Given that you’re part of a group that’s now been making records for almost 20 years, does it surprise you when you see younger fans at shows?
“It’s hella surprising because I’m like, ‘You like this shit? You actually know this shit? You were born the year this record came out!!’ (laughs). That’s the craziest part to me when we see kids at our shows who weren’t even born when ‘93 ‘Til Infinity’ came out. That’s a trip. But that’s what keeps performing those old songs fresh because they’re always going to be new to younger fans who’ve just discovered them. What’s really cool though is when you see older fans who were there the first time around now bringing their teenage kids to the shows. It is surprising, but it’s great because it makes you realise that, as an artist, you’re only as old as when people find out about you. I mean, Earth, Wind & Fire and Curtis Mayfield are two of my favourite artists, but most of their biggest hits came out before I was even born, so I can relate to our younger fans from a certain perspective because of that, but then in another way I can’t relate because it’s hard for me to put myself in that position and see us how our younger fans must see us. But when you look at the rhyme styles we were using on our early records, some dudes are only just getting there now, so that first album was a manual of rap flows.”
Listening to a lot of the early Heiro material from the likes of Del, Casual and Souls Of Mischief, you definitely got the sense that when you were all on a track together everyone was pushing each other to really up their game lyrically…
“None of that was contrived either. I mean, we were all sitting in the same room making those records. It isn’t like that was a time when you could send a track to each other over the internet and all add to it, we were all sitting there together. So one person might’ve kicked something and if it was similar to someone else’s rhyme then they’d change it up. Then there’d be other times where we were writing together, trying to mirror each other’s flow and bounce off of each other. Lyricism is definitely kind of a lost art nowadays and I do feel like a samurai in a world of gunfighters, but it doesn’t matter because in the same way that martial arts are practiced today, it’s about self-mastery and perfecting an art.”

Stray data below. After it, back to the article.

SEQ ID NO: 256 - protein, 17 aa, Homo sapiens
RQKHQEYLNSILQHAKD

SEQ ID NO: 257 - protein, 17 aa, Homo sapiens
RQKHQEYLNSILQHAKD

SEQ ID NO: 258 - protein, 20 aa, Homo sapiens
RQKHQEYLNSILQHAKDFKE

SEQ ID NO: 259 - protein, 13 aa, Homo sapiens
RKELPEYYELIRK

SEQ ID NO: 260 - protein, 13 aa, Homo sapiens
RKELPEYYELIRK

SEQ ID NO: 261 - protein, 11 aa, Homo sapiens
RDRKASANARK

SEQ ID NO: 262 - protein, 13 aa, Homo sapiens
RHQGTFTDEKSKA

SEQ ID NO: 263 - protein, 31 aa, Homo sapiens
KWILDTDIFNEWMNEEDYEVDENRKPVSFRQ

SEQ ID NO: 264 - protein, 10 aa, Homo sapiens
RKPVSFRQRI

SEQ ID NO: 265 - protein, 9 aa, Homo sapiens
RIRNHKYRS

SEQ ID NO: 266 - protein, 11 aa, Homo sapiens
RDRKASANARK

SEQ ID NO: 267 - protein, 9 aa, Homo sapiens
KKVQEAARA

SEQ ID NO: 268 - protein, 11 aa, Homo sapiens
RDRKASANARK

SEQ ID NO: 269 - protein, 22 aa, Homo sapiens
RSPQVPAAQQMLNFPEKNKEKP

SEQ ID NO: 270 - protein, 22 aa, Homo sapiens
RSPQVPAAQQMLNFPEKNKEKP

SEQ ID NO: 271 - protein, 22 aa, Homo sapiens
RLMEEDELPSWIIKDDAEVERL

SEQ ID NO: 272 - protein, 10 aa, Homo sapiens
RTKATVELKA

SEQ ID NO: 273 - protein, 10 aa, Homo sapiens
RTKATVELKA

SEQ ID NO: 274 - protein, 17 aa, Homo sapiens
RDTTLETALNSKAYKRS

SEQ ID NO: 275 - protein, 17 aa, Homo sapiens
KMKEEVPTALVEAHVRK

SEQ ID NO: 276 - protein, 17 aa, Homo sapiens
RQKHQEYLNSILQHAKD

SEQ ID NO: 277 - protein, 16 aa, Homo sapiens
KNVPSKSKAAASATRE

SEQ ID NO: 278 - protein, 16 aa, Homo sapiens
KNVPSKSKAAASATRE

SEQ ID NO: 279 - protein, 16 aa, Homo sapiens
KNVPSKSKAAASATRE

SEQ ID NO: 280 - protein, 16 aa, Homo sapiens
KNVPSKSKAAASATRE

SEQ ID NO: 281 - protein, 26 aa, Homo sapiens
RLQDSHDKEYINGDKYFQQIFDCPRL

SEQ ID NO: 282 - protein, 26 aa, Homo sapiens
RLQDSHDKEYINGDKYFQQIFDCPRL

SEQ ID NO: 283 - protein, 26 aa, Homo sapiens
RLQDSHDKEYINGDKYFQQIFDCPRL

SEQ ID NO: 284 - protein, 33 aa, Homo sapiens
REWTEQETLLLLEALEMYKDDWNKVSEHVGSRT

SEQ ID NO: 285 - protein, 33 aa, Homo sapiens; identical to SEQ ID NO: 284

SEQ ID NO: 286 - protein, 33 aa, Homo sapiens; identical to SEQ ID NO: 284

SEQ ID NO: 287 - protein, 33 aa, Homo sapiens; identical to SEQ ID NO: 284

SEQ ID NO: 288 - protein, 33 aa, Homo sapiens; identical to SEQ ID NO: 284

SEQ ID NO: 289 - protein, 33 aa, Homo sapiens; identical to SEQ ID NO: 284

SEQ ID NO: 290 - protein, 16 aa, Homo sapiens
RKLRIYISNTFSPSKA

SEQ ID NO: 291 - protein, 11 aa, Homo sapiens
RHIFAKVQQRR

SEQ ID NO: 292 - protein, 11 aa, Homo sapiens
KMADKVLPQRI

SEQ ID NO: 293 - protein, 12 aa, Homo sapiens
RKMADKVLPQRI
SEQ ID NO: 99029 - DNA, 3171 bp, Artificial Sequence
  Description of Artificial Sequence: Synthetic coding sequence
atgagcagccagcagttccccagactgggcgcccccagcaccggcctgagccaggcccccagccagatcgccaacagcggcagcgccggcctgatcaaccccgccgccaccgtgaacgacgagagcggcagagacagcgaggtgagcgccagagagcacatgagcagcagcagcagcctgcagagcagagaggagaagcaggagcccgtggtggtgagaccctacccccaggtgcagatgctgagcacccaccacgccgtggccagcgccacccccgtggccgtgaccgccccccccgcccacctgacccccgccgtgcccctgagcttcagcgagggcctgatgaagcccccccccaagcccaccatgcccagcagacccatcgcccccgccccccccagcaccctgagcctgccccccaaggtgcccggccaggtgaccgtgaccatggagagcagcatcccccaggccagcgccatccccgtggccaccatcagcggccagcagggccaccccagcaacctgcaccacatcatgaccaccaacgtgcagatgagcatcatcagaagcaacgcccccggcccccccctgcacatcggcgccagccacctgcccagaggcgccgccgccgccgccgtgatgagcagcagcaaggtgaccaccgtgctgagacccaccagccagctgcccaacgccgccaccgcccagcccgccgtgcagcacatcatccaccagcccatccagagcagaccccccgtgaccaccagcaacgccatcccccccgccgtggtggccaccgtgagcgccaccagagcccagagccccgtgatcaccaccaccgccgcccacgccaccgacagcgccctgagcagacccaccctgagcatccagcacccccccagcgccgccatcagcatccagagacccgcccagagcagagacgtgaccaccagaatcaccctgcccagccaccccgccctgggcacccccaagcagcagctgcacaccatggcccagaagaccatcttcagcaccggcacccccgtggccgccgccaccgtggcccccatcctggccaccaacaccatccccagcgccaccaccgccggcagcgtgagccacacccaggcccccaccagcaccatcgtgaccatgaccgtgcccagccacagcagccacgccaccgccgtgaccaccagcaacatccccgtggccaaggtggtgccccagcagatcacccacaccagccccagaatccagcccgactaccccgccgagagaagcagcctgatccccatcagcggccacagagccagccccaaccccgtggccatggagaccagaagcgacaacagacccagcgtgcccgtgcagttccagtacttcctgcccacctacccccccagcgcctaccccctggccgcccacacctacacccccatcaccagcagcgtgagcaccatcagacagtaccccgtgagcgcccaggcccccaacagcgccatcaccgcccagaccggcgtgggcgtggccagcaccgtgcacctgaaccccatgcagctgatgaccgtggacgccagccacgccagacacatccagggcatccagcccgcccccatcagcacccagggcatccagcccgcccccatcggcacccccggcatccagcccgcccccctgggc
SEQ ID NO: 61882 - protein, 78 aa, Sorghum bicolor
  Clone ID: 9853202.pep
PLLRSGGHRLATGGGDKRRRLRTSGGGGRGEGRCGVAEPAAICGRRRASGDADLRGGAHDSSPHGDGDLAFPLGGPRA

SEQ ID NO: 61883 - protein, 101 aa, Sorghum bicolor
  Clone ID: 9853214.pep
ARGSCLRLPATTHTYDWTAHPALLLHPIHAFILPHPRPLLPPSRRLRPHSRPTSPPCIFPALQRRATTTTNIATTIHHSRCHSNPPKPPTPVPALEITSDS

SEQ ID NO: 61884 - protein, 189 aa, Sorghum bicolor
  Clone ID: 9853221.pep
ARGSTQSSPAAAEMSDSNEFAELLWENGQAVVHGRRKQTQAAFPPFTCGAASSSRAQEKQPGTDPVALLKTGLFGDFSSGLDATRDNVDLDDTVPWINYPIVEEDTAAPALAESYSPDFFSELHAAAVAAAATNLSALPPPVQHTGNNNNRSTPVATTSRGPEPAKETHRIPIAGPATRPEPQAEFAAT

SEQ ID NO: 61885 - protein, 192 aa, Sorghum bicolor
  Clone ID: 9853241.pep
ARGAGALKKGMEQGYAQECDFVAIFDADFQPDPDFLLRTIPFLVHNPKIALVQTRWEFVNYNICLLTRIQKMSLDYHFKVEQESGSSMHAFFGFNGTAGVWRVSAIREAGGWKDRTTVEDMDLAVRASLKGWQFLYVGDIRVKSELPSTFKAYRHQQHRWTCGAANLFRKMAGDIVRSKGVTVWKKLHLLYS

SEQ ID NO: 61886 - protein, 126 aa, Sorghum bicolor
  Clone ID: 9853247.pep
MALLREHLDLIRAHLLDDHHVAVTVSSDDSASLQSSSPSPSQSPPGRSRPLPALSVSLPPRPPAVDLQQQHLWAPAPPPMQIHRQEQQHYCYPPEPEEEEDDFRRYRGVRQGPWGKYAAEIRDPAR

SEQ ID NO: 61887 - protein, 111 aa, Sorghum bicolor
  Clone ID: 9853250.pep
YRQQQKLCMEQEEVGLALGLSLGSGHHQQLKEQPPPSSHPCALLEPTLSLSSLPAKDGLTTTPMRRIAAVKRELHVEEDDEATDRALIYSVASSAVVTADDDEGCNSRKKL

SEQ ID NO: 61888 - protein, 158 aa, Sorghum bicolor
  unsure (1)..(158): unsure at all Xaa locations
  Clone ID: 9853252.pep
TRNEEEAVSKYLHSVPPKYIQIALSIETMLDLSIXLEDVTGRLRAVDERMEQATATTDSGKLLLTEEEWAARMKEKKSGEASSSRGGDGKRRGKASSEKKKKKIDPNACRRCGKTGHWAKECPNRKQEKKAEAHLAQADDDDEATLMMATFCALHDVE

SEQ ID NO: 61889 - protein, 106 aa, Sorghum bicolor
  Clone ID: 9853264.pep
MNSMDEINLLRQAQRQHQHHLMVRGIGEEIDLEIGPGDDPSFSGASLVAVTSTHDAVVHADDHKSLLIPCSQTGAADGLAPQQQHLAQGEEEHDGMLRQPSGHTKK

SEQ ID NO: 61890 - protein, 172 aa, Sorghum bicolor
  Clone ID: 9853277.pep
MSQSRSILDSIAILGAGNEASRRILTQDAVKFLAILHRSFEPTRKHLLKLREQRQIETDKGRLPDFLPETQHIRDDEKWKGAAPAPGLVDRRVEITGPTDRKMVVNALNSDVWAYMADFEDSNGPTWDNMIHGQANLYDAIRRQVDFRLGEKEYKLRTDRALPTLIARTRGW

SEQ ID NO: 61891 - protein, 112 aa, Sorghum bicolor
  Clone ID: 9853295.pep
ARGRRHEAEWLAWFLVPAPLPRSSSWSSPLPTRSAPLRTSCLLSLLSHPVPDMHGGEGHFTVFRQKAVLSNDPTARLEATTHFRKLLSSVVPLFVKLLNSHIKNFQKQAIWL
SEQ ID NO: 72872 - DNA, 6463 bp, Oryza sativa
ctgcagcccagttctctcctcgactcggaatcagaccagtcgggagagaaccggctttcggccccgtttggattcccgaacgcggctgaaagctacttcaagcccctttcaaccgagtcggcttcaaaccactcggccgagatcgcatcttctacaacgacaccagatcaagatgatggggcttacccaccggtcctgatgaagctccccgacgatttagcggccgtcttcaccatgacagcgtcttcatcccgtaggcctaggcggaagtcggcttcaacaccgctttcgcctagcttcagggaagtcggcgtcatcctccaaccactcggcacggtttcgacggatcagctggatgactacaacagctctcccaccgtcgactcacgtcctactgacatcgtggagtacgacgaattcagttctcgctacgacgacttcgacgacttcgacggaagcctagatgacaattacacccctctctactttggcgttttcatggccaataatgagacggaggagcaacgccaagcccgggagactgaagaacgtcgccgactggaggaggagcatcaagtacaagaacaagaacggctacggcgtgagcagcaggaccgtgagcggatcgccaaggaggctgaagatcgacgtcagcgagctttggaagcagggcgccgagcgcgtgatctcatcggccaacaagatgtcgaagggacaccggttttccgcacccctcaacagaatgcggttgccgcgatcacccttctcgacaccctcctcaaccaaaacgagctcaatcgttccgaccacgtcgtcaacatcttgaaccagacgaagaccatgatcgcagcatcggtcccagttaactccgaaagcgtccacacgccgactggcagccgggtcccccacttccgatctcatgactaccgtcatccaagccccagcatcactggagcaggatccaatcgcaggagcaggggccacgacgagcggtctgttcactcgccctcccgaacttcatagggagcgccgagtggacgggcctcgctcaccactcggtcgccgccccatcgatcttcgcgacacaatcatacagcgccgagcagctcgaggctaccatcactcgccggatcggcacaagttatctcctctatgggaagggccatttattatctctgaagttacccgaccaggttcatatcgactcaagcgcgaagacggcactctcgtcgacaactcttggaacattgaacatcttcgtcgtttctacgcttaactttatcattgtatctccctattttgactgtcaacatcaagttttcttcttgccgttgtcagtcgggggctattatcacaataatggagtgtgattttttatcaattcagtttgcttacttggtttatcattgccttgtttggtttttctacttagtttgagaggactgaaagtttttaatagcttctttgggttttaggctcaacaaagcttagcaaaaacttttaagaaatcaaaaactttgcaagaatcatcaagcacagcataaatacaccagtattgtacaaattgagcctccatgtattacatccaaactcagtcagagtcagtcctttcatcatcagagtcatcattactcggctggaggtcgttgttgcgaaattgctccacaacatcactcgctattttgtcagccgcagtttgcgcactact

And as a fan of hip-hop and lyricism that’s what you want to hear an artist doing – pushing themselves to perfect their craft. Back in the day you didn’t necessarily want to completely understand a rhyme straight away or catch everything an artist was saying in a verse the first time you heard it…
“Nah, you wanted to be able to play it over and hear something new in it. The whole point of it was to impress people and make them think about what you were saying at the same time. Even with the whole freestyling thing, we were trying to get to the level of making our freestyles sound like written raps and a lot of the time I don’t think that really connected because guys just thought we were kicking written raps. But our whole thing was to be able to rock a rap that sounded like it could be album worthy, but it’d actually be off the top of the head. I mean, we were never really about that snap-rap where dudes are joking about each other and dissing each other’s moms, we came up on Rakim, Brother J, Big Daddy Kane, Kool G Rap, ain’t no rappers like that no more. I mean, there are some new dudes out there worth checking out like a Skyzoo or a Blu, but most new artists now are involved in the music for other reasons outside of the creativity. It’s almost like a cage fighter going against a dude who’s mastered ju-jitsu, on the one hand you have a guy who’s more about brawling and just does the cage fight shit for the money, then you have the other guy who’s about mastering his art and carrying on tradition. It’s really a sign of the times though and it goes beyond just hip-hop. We’re in microwave times and we have a dumbed down population that really can’t follow a lot of the shit people are saying. I mean, I play these records to some kids and they really don’t know what the fuck I’m talking about because they don’t understand things like metaphors. Lyricism is an art and some respect that and some people don’t, but I can’t blame that just on new rappers and the fact they’re trying to get paid before anything else, there’s also a lot of social factors involved. But it’s also not just about mainstream versus underground, or them versus us, because the dudes I listen to and think are fresh makes for a weird ass list (laughs). Fabolous, Peedi Crakk, Cassidy, Blu and Black Milk, those are some of the dudes that I think are from that true school mentality when it comes to rhyming. Someone like Fabolous I think tapers his lyrical complexities with his choice of subject matter, which I know some people think is wack, but the best way I can describe him is to say he’s a master architect but he chooses to build restaurants for McDonalds (laughs).”
So now ‘Montezuma’s Revenge’ has been released is there more new Hiero material on the way?
Yeah, I think we’re going to put out a mix-tape type project of all original material to hold people over as far as Hiero is concerned. Then there’s a new A-Plus record which I think is going to be called ‘The Return Of Good Time Charlie’, Phesto’s got a record called ‘Background Check’, Opio’s coming with ‘Vulture’s Wisdom, Volume 2’ and I’ve got a new record coming as well called ‘Rap Noir’. We’re also gonna put out a remix version of this new Souls album and Pep Love’s got ‘Reconstruction’ coming. So we have a lot of stuff in the pipeline, but I don’t want to over promise and under deliver, so those are the things I know are definitely in the works.”